puppies playing
Preparing for a New Puppy.

Okay, you've done your homework. You've read up and know exactly the type of dog to suit you and your family. You know the size and temperament and even whether a male of female pup would be a better companion for you. You've visited several breeders and chosen your new four legged friend from the litter and it is now time to take your healthy puppy home.

Checking your list

When parents find out they are going to have a child they make all sorts of preparations. A room is set aside and possibly the walls are covered with an appropriate wallpaper or paint, a supply of formula fills the pantry, baby bottles and diapers are purchased in huge quantities, toys and pacifiers are picked out, the baby's doctor is selected, etc. You need to make the same preparations for the puppy, and think about the equipment you'll need, the car ride home, and the puppy's activities, feeding, and health care check-up.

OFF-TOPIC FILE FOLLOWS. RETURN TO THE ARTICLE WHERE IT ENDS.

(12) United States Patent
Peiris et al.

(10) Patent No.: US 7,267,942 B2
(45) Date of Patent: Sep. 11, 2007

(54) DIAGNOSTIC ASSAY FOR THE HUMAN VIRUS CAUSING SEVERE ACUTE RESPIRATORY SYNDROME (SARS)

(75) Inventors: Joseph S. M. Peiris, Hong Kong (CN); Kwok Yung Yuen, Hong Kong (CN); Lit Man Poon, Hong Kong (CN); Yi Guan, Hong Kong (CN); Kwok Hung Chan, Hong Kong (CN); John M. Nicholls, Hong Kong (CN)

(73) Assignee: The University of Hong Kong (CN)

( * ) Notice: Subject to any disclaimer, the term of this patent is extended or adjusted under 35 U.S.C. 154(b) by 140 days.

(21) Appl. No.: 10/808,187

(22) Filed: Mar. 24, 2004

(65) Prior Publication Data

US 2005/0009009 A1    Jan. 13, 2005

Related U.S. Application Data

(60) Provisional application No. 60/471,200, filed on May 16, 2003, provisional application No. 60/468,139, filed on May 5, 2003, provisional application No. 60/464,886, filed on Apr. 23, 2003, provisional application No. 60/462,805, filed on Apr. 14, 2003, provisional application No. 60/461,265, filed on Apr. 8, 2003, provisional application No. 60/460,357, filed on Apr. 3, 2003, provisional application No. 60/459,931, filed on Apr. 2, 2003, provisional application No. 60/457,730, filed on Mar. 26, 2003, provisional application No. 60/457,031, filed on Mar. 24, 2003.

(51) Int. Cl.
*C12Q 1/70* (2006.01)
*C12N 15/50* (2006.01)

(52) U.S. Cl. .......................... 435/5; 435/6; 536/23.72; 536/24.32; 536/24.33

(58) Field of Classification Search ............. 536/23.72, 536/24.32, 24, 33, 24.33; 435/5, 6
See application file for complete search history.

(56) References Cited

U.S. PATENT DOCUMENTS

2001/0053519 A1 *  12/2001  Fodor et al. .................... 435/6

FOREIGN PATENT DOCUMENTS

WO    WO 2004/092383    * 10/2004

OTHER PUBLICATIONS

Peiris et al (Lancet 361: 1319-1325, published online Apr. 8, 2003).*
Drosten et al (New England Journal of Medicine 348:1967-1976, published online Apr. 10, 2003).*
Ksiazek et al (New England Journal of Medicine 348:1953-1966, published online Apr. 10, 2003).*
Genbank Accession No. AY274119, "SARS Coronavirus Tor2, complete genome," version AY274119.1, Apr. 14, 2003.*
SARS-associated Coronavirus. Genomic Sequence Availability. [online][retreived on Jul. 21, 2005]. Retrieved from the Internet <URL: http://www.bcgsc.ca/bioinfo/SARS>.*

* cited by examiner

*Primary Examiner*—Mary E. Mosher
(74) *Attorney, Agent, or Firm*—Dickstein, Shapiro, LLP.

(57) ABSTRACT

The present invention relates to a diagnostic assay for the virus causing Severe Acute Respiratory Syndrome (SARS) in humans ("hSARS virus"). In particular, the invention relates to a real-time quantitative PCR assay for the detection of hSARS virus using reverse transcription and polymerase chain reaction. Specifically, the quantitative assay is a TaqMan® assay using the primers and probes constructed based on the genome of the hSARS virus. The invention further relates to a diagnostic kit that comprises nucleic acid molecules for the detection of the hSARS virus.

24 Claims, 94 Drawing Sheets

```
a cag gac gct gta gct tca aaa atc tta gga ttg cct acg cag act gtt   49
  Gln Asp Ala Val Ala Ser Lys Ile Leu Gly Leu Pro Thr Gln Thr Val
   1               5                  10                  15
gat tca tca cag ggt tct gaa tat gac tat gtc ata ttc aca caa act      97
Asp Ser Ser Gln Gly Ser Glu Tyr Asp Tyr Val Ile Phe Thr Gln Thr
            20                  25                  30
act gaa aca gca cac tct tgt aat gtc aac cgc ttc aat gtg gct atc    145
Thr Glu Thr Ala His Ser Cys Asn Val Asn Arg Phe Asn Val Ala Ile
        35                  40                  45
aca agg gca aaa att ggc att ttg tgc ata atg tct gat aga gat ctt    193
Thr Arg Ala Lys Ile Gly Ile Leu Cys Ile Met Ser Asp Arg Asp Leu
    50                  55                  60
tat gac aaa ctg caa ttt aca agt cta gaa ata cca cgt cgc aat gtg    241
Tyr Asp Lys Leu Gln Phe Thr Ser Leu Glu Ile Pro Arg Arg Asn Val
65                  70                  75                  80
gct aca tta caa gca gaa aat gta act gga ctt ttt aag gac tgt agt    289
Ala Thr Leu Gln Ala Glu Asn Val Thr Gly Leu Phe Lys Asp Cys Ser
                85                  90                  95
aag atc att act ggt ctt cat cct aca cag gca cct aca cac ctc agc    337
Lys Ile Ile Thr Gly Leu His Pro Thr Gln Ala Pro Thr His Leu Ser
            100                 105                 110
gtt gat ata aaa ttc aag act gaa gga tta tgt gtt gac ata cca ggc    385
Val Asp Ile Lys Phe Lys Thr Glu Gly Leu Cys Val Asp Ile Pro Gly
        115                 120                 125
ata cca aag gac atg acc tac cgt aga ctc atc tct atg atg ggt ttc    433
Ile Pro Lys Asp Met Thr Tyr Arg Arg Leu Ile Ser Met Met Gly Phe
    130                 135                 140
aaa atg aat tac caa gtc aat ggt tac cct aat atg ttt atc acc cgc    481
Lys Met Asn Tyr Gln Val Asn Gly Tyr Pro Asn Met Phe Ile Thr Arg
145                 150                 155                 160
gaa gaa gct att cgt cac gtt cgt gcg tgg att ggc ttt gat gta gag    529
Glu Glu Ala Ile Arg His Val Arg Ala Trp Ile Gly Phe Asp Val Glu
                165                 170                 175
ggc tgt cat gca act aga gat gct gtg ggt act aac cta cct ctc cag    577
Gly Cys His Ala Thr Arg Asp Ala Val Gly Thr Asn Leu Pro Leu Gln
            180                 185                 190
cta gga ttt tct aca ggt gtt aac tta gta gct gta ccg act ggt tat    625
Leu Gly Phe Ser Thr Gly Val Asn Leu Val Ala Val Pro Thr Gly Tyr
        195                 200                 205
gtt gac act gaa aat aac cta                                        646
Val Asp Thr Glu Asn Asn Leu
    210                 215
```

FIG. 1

Your puppy is going to need a room or at least a place it can call its own and a cage or crate will fill this bill. You are better off getting one that’s big enough for him to use as an adult. The pup will need food and water bowls, toys to chew on and play with, a collar and leash, a bag of a good quality dry puppy food, and plenty of newspapers or training pads. The bills are adding up!

The car ride home

The big day arrives and it’s off to pick up the puppy. Many people worry that this is a traumatic event for the puppy but it probably isn’t as bad as you might think. Coming home will start out with a car ride from the shelter or breeder’s home. Try to keep this from being a terrifying experience for the pup. The main problem dogs have with car rides usually isn’t what we humans refer to as motion sickness but simple anxiety about the vibrations, sounds and to a lesser degree the movement. Many dogs that have developed problems with car rides get nervous or even nauseous before the engine is even started. It’s important that this first trip not be a bad experience that regresses into a repetitious behavioral pattern.

Before you leave the kennel try to get your puppy to go to the bathroom so there are no floods or surprises stimulated by all the excitement or the ride.

On this first trip home we break a cardinal rule about travelling with pets. We do not put them in a crate for travelling. Remember they are small and easy to hold. Rather, we have someone other than the driver hold the puppy in a blanket or towel and talk or in some way try to distract it from the ride.